New Delhi: The Supreme Court on Monday sought views of Attorney General R. Venkataramani on a plea seeking direction to the Centre to make appointment to the Law Commission of India, which had remained headless since September 2018.
A bench, headed by Chief Justice U.U. Lalit and comprising Justices S. Ravindra Bhat initially said it is not inclined to entertain the petition, as it cited the absence of statutory provision related to the appointment of the Law Commission. However, petitioner, advocate Ashwini Upadhyay requested the court to ask the AG to assist the court in the matter and it agreed with Upadhyay’s suggestion.
The plea contended that since August 30, 2018, the Law Commission of India has been headless and even direction to it to examine important legal issues by the constitutional courts remained as a dead letter only.
The plea said, “Law Commission of India is not working since September 1, 2018 hence Centre doesn’t have the benefit of recommendations from this specialised body on the different aspects of law, which are entrusted to the Commission for its study and recommendations. The Law Commission, on a reference made to it by the Centre, apex court & high courts, undertakes research in law and reviews existing laws for making reforms therein and enacting new legislations.”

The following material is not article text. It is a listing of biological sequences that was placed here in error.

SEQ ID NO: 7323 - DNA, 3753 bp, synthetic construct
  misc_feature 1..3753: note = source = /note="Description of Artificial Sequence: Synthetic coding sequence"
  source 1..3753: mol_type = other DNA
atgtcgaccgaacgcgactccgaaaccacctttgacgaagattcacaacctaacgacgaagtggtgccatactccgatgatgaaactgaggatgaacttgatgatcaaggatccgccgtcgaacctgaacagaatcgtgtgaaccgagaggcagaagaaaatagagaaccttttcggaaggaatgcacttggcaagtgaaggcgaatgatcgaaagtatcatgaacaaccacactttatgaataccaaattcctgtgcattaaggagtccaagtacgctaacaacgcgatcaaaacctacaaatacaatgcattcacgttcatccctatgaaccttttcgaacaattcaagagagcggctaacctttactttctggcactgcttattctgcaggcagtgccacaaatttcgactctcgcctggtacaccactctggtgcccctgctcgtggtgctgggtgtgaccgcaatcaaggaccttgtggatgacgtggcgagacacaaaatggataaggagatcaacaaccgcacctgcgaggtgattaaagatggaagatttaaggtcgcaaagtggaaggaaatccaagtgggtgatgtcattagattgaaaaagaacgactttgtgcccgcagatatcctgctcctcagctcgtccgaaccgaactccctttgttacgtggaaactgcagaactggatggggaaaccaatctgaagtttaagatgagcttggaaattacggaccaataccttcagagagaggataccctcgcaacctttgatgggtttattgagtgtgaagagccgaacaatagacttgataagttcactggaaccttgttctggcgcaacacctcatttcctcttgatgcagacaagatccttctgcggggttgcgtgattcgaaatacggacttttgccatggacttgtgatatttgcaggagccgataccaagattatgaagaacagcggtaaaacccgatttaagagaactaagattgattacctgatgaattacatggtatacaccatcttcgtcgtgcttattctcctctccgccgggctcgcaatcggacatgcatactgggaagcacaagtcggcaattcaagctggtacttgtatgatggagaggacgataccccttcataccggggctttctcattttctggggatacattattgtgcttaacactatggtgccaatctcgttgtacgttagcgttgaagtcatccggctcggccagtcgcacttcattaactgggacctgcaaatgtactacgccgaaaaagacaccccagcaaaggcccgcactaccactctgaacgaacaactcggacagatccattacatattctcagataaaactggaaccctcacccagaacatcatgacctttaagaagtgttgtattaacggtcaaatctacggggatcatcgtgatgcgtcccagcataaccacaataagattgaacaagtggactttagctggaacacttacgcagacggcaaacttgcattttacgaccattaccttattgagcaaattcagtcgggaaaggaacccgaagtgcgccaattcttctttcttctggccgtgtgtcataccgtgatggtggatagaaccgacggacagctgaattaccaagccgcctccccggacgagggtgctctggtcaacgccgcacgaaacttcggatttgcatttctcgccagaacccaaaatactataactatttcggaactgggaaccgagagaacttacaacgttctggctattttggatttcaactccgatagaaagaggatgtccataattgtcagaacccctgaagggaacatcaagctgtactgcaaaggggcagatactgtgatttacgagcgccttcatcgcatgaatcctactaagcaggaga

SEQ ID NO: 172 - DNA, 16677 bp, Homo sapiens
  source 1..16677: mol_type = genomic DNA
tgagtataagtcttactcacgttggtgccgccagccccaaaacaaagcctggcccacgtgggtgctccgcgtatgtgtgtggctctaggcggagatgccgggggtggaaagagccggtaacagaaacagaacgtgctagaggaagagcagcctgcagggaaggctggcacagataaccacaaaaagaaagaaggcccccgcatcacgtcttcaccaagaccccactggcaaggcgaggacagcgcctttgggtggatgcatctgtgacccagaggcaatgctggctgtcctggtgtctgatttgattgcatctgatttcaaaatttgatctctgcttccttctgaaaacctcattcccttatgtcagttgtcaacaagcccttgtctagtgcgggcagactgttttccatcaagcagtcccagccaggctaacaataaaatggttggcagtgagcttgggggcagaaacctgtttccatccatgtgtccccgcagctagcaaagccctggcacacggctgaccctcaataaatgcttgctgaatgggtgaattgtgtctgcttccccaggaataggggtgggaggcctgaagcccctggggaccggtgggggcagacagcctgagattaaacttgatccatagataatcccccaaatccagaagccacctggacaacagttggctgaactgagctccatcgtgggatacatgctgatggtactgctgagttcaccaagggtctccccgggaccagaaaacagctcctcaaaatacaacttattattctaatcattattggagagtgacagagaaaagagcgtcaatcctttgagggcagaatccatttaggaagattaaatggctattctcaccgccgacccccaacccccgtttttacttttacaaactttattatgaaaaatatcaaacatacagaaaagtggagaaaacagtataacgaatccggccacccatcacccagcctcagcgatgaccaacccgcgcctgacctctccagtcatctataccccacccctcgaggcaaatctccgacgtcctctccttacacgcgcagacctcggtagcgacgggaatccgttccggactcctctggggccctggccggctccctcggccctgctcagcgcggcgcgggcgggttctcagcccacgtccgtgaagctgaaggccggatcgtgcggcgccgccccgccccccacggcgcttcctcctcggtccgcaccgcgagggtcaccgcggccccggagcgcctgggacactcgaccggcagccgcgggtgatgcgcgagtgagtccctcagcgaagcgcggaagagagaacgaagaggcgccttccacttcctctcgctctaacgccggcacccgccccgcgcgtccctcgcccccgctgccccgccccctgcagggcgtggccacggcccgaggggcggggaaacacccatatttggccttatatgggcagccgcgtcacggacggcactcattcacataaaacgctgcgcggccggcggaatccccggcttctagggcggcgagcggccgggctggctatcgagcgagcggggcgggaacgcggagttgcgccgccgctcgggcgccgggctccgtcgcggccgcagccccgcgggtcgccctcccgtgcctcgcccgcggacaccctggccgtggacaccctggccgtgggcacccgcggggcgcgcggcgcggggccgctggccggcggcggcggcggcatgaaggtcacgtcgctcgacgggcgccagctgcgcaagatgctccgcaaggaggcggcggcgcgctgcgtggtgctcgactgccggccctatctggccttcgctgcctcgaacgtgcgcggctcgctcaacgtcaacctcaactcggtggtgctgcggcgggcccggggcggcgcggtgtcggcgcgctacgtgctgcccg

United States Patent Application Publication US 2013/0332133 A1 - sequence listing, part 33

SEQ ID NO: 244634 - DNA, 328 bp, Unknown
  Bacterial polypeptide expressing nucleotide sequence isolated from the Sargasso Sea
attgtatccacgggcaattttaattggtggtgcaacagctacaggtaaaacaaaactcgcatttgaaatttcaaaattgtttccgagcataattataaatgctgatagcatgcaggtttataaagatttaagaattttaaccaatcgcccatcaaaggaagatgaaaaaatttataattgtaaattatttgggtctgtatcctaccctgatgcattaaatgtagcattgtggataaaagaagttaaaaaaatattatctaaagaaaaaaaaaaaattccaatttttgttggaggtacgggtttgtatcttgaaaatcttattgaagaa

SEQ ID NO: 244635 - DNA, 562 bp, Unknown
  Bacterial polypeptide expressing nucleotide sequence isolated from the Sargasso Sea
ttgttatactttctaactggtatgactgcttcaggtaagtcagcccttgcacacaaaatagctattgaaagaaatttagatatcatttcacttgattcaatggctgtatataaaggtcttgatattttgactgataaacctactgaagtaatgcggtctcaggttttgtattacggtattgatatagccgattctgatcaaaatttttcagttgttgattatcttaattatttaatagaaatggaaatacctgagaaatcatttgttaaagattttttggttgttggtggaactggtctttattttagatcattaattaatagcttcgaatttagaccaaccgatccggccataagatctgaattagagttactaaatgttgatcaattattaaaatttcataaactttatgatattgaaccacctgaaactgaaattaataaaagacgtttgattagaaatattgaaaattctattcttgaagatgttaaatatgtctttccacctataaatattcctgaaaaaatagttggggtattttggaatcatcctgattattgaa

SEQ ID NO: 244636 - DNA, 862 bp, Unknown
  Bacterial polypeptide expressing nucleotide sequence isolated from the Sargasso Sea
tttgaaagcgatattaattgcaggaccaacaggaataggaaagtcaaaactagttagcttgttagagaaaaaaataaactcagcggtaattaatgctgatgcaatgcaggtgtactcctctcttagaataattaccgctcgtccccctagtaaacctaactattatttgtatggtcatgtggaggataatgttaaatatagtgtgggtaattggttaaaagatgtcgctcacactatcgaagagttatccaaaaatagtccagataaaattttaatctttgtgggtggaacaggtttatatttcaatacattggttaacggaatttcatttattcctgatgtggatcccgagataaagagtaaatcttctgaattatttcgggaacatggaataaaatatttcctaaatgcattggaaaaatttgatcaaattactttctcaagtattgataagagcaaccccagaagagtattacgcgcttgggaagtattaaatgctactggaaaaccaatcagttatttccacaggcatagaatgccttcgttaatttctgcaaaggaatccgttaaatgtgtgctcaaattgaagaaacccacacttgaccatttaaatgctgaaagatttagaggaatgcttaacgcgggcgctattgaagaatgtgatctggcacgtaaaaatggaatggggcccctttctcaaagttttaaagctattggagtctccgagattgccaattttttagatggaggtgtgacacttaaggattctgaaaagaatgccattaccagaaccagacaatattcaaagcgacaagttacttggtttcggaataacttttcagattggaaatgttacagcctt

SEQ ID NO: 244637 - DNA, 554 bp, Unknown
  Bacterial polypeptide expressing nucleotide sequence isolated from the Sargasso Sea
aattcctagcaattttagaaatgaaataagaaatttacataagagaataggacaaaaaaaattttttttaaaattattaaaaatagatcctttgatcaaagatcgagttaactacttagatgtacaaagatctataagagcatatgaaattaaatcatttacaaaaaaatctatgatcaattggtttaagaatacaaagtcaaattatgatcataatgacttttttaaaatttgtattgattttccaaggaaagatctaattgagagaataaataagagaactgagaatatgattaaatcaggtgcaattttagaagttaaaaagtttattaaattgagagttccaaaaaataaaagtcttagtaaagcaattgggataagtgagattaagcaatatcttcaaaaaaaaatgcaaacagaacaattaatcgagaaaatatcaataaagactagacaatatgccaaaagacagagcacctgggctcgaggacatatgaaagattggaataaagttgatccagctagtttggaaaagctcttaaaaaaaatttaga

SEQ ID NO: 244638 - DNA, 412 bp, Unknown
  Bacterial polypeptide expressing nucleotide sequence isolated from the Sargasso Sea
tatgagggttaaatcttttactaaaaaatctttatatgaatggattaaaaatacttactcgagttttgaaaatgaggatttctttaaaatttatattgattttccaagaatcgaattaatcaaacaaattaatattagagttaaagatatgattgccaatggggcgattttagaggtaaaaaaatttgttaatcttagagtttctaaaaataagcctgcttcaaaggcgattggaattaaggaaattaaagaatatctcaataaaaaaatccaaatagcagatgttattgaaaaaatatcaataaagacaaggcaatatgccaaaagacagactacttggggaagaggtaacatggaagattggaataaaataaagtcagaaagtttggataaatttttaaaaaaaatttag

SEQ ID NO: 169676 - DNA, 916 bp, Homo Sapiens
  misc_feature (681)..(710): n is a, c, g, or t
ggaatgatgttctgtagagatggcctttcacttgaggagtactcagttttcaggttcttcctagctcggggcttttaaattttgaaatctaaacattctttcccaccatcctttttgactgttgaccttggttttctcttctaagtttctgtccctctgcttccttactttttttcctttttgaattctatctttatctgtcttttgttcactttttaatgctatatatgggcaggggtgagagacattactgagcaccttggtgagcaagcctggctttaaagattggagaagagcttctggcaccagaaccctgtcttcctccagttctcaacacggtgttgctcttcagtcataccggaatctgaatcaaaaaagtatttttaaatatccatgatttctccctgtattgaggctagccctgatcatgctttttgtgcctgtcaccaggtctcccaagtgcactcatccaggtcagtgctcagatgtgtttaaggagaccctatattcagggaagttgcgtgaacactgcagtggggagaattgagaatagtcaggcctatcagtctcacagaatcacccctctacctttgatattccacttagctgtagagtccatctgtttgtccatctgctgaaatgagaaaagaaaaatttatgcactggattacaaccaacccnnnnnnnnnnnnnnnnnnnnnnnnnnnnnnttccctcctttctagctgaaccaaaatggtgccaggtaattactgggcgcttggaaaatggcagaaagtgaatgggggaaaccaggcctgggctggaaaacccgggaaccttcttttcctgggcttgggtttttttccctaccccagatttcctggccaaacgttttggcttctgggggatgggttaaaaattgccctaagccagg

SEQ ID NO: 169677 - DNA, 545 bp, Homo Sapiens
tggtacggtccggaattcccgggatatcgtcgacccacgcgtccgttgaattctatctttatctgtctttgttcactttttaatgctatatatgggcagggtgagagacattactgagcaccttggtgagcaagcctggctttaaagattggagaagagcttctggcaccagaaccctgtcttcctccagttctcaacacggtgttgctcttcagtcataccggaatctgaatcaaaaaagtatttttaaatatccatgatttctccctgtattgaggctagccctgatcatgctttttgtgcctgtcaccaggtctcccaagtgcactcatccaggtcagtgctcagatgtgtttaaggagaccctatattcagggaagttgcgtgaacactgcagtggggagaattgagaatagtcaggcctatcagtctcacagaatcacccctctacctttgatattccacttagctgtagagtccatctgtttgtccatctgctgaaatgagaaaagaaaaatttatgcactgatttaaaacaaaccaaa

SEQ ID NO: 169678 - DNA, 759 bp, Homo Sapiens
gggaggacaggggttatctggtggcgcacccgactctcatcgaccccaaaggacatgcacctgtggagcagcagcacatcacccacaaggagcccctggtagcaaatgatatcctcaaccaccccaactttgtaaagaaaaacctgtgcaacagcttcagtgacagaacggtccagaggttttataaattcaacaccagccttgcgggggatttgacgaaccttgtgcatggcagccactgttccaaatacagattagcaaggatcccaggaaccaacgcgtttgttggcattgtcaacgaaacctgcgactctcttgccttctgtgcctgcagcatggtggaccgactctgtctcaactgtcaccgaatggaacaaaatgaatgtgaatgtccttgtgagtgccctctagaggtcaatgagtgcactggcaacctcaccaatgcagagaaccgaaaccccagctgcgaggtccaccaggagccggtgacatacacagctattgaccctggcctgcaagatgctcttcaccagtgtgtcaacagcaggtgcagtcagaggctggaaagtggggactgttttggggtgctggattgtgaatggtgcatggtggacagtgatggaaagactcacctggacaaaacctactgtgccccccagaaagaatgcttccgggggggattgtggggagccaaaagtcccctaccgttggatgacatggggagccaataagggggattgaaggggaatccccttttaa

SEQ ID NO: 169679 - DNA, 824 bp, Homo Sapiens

The petition, filed through advocate Ashwani Kumar Dubey, said the Law Commission not only identifies laws which are no longer needed or relevant and can be immediately repealed but also examine the existing laws in the light of Directive Principles of State Policy and suggest ways of improvement and reform. The plea added that although the Centre approved setting up of twenty second Law Commission on February 19, 2020, it has not appointed the Chairman and members.
The plea contended that the Law Commission conveys its views on any subject relating to law and judicial administration and also considers the requests for providing research to foreign countries.
“It takes all measures as may be necessary to harness law… and revise Central Acts of general importance so as to simplify them and remove anomalies, ambiguities and the inequities. The Law Commission has been able to make important contributions towards the progressive development and codification of Law of the country and it has so far submitted 277 reports,” added the plea.
The Central government, in its response filed last year, said the appointment of Law Commission Chairman and members was under consideration with authorities concerned.